As of this writing, pre-built modules are only available for kernel 2.4.27, Sarge's default kernel. There are no pre-built modules for 2.6.8. If you don't know your kernel version, run
{{{
uname -r
}}}
If there is a pre-built module for your kernel, install its package (the name starts with "nvidia-kernel-". To do it with apt-get:
{{{
apt-get install nvidia-kernel-$(uname -r)
}}}

If this step succeeds, you may now proceed to step 2. If not, try a different installation method.

====== Build manually, with a stock kernel ======
Use this method if you're running a stock kernel and the two previous methods failed or didn't apply to you. module-assistant should automate this process. In other words, if the first method failed but this one works, you should probably submit a bug report against module-assistant.

The following procedure is adapted from the instructions in /usr/share/doc/nvidia-kernel-source/README.Debian and is known to be potentially inexact.

         1. Save the release number of your kernel (e.g. 2.4.27-2-k7 or 2.6.8-1-686) in a couple of environment variables:

                export KVERS=$(uname -r)
                export KSRC=/usr/src/kernel-headers-$KVERS

            Note that these variables are used by the build commands below, so you really do need to set and export them, as in the above commands.
         2. Install the kernel module source: run

                apt-get install nvidia-kernel-source nvidia-kernel-common

            This will give you a source tarball /usr/src/nvidia-kernel-source.tar.gz. Unpack it with

                cd /usr/src
                tar -zxf nvidia-kernel-source.tar.gz

            This will unpack the kernel module sources into /usr/src/modules/nvidia-kernel.
         3. Install the header files for your kernel:

                apt-get install kernel-headers-$KVERS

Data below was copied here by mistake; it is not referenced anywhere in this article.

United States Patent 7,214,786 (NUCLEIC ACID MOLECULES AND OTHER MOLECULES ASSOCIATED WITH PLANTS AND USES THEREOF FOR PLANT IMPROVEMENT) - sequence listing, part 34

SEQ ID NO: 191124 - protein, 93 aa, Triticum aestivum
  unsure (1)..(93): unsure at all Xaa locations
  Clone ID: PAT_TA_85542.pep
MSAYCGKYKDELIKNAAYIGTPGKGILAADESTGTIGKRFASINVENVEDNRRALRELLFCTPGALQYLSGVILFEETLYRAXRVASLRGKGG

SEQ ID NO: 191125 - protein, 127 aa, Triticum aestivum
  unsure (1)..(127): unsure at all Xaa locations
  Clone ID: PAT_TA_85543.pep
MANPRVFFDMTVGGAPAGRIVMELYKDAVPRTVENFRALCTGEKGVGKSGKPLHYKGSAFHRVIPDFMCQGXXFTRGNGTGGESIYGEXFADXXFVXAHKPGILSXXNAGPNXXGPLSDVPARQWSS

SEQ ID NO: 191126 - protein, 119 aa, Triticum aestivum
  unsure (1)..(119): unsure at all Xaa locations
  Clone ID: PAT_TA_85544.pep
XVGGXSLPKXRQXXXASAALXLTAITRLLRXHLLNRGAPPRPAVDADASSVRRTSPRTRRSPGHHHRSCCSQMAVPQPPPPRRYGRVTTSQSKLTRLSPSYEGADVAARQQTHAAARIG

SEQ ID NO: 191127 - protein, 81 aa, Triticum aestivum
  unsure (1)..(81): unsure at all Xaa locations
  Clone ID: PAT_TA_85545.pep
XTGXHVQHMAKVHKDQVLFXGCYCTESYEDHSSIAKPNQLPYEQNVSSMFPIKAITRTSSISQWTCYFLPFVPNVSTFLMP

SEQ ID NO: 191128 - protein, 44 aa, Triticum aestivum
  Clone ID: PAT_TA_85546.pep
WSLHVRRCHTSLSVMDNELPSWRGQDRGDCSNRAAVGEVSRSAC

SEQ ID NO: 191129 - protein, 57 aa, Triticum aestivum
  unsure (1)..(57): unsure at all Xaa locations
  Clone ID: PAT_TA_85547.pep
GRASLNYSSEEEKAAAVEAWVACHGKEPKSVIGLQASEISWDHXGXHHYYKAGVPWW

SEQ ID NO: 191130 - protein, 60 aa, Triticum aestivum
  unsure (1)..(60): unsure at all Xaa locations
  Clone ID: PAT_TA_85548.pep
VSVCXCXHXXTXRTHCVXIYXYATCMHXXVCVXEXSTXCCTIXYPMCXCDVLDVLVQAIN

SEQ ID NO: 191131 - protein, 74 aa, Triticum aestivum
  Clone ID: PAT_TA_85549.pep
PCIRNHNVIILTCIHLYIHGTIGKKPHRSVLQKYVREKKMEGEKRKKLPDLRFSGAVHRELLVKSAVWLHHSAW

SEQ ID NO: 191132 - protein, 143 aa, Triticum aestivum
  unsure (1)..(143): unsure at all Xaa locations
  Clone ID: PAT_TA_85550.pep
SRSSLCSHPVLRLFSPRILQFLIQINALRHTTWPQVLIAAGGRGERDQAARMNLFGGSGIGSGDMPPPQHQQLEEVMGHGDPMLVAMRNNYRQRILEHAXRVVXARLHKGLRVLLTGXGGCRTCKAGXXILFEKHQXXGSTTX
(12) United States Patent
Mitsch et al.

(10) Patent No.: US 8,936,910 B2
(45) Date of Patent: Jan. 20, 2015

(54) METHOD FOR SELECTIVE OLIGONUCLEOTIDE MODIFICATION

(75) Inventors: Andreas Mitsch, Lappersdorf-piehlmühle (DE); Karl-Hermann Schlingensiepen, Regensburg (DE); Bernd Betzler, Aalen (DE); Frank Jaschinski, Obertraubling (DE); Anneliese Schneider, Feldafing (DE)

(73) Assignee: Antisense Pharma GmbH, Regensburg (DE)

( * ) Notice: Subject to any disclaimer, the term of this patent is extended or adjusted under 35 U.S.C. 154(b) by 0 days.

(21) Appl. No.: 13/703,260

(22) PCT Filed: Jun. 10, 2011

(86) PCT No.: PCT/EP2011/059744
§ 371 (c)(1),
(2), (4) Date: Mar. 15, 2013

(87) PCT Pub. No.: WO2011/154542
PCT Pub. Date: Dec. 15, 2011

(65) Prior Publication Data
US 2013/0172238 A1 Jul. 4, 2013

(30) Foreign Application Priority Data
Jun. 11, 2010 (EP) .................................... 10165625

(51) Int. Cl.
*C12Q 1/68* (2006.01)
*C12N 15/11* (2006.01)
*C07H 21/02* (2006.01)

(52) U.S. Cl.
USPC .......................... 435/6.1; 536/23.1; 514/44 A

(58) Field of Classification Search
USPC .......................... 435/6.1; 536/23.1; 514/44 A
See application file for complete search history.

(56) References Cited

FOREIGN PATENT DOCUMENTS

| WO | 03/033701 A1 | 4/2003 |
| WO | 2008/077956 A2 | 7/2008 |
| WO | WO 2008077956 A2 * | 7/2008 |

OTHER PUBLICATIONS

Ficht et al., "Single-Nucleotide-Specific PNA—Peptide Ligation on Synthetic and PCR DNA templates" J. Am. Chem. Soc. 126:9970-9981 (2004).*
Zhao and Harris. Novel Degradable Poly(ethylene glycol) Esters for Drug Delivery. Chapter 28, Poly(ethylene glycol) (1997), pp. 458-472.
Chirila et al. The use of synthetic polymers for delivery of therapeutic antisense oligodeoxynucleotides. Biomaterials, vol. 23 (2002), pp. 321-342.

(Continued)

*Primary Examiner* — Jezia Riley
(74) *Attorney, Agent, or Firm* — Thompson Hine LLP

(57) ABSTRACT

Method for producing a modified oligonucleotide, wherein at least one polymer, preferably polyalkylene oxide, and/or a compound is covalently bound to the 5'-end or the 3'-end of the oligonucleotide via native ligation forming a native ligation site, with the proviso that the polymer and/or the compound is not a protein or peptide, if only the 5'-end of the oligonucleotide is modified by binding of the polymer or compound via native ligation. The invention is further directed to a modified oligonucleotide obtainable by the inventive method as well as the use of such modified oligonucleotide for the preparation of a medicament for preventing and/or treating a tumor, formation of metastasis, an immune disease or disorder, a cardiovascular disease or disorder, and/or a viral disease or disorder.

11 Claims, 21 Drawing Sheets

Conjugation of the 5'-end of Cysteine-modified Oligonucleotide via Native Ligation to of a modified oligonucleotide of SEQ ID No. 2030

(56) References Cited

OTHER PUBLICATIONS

This will give you kernel header files in /usr/src/kernel-headers-$KVERS. Be sure to check that the installed kernel image and kernel header packages have the same version number: run

                apt-cache policy kernel-image-$KVERS kernel-headers-$KVERS

            and check that the version number listed as Installed is the same for both packages. If it isn't, find the distribution that has the version of kernel-headers that you need, e.g. testing, and rerun the above installation command, adding '-t testing' (or whichever).
         4. Build the kernel module package:

                cd /usr/src/modules/nvidia-kernel
                debian/rules binary_modules

            The result will be a package file /usr/src/nvidia-kernel-*.deb, which contains your kernel module.

            Note: several users have told me recently that their nvidia package file ends up in /usr/src/modules, instead of /usr/src. I don't know yet why this happens. If this is your case, please adjust the next command appropriately.
         5. Install the kernel module:

                dpkg -i /usr/src/nvidia-kernel-*.deb

            Use the fileglob as above if you want, but watch out that you don't have more than one nvidia-kernel package file lying around in /usr/src. If you do you'll get a blizzard of error messages. It's probably better to explicitly type all of the version information that I rendered as * above.
      Now proceed to step 2, below.

====== Build manually, with a custom kernel ======
Use this method if you're configuring and building a custom kernel.

1. Install the kernel module source. To do it with apt-get:
{{{
apt-get install nvidia-kernel-source nvidia-kernel-common
}}}
This will give you a source tarball /usr/src/nvidia-kernel-source.tar.gz. Unpack it with:
{{{
cd /usr/src
tar -zxf nvidia-kernel-source.tar.gz
}}}
This will unpack the kernel module sources into /usr/src/modules/nvidia-kernel.

2. Configure your kernel. This step isn't documented here; if you need to learn how, see the kernel-package documentation. But in summary, what you have to do is
{{{
cd /usr/src/linux
make xconfig
}}}
and then choose the options you want. Note, however, that each of the following kernel options has been reported to cause trouble with the '''nvidia''' driver: